MADISON, Wis (Reuters) - Wisconsin’s new Republican governor on Friday proposed sharply curtailing the bargaining rights of public employee unions and other cost-saving measures to rein in the state’s growing budget deficit.
Governor Scott Walker said he will ask the Republican-controlled legislature to pass his “budget repair bill” next week. He said it was aimed at bringing stability to state finances and stave off employee layoffs this year.
“The last thing we need is any more people on unemployment,” Walker told a news conference.
The proposal drew outrage from labor unions and Democrats in the state, which has a $137 million budget deficit in the fiscal year ending June 30 and larger deficits to come.
“If Republicans get their way, workers will no longer be able to negotiate over the hours they work, the safety conditions they labor under or the health insurance and retirement benefits they and their families depend on,” Senate Democratic Leader Mark Miller said in a statement.
A growing number of deficit-ridden states have initiated efforts to curb expenses by going after public employee union contracts and underfunded pensions.
Elements of Walker’s proposal include state employee wage increases limited to the rate of inflation unless approved in a voter referendum. State workers -- other than police, fire, and inspectors -- would lose many bargaining rights and could opt out of paying union dues after current contracts expire, with dues no longer collected automatically.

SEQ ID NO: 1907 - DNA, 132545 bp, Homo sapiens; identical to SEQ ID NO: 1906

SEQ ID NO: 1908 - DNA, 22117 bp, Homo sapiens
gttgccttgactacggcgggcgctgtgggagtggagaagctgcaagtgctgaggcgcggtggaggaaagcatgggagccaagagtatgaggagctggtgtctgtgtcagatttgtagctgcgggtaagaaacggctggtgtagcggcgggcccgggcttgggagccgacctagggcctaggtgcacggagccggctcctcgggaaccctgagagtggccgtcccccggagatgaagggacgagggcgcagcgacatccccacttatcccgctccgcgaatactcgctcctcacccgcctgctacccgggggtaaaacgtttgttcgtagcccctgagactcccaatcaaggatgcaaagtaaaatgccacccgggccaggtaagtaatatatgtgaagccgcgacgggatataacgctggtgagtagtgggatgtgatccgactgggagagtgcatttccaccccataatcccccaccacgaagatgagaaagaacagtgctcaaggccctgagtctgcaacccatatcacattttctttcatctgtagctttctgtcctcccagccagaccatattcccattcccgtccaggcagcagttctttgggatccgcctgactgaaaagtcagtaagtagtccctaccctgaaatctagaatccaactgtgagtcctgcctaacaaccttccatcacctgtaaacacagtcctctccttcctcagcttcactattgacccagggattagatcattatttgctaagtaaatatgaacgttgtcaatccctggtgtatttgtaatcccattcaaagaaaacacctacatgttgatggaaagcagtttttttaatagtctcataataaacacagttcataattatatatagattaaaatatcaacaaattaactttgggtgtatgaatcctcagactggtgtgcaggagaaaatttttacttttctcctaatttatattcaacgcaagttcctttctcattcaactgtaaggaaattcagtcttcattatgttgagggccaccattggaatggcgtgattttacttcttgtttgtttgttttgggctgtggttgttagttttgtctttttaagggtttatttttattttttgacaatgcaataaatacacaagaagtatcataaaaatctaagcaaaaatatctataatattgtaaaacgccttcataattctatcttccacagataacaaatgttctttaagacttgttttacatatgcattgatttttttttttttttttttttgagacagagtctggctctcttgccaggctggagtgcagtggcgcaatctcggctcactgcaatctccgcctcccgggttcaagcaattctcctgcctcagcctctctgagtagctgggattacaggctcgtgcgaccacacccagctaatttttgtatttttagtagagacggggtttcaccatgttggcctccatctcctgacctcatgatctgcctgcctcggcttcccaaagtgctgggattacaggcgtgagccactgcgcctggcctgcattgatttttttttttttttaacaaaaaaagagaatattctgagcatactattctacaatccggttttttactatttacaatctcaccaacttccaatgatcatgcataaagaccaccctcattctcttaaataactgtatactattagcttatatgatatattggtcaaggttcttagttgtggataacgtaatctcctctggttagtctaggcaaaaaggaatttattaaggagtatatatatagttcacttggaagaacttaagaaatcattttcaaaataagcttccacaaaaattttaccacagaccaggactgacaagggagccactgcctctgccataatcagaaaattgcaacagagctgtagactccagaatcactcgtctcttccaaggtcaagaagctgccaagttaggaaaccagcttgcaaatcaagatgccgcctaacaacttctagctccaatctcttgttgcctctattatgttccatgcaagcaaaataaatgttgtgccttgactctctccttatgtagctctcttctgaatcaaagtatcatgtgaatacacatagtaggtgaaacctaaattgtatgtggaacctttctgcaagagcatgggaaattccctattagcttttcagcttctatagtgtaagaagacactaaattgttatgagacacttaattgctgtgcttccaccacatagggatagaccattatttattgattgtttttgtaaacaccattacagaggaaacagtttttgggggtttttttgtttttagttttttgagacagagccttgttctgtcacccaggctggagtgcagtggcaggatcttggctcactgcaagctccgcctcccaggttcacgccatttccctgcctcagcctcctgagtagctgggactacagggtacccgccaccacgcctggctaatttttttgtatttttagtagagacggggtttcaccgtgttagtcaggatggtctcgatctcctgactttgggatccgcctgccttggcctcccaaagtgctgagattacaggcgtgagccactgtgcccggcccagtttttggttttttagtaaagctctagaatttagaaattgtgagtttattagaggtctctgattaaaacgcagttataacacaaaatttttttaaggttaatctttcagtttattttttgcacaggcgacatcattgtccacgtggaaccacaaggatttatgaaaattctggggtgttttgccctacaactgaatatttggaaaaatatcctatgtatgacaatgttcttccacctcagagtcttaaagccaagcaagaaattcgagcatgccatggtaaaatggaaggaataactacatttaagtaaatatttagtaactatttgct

State workers will have to raise the amount they contribute to their pensions to 5.8 percent of salary, and double their contribution to health insurance premiums to 12.6 percent of salary. Wisconsin’s unfunded pension liability is $252.6 million, according to Moody’s Investors Service.
The plan calls for raising appropriations for prisons and for the Medicaid program, which is underfunded by $153 million, while making changes to the health insurance program for the poor. It also calls for selling the state’s heating plants.
Leading Republican lawmakers said workers had to share in the pain of shoring up the state’s unsustainable financial problems -- a projected $2.9 billion biennial budget deficit for 2012 and 2013. The current year’s budget is $12.7 billion.
“Anything short of making the tough decisions that are necessary to balance our budget and rein in spending is going to leave our state bankrupt, and the livelihood and well-being of Wisconsin will depend on the swift and decisive action we’ll be taking over the next week,” state House Majority Leader Scott Suder said.
“We are out of money and the options are few. We can either raise taxes -- which is absolutely off the table -- reduce spending or lay off workers,” Jeff Fitzgerald, the Republican Speaker of the State Assembly, told local radio.
“I expect the Capitol to explode” with protests, Fitzgerald said. “It’s going to be a very difficult week.”
State employee unions made $100 million in concessions in December, but Walker’s response has been “to eviscerate our most basic rights” and “end labor peace in Wisconsin,” said Bryan Kennedy, president of the state chapter of the American Federation of Teachers.
The plan to eliminate all bargaining rights of public sector workers except for a limited discussion of wages was draconian, according to one legal expert.
“Not only is this inconsistent with international human rights law, which recognizes a right to collectively bargain with one’s employer, but it also flies in the face of decades of cooperation between the labor movement and the government in Wisconsin,” Marquette University law professor Paul Secunda said. He said it may prove to be a bargaining chip in the state’s drive to cut costs for pensions and health care.
“Even if that were the case, one must ask why Governor Walker did not first sit down and discuss these issues with the public sector unions, but instead, within a month of taking office, went directly to the most divisive approach imaginable,” he said.
Additional reporting by Karen Pierog in Chicago, John Rondy in Milwaukee; Writing by Andrew Stern; Editing by Greg McCune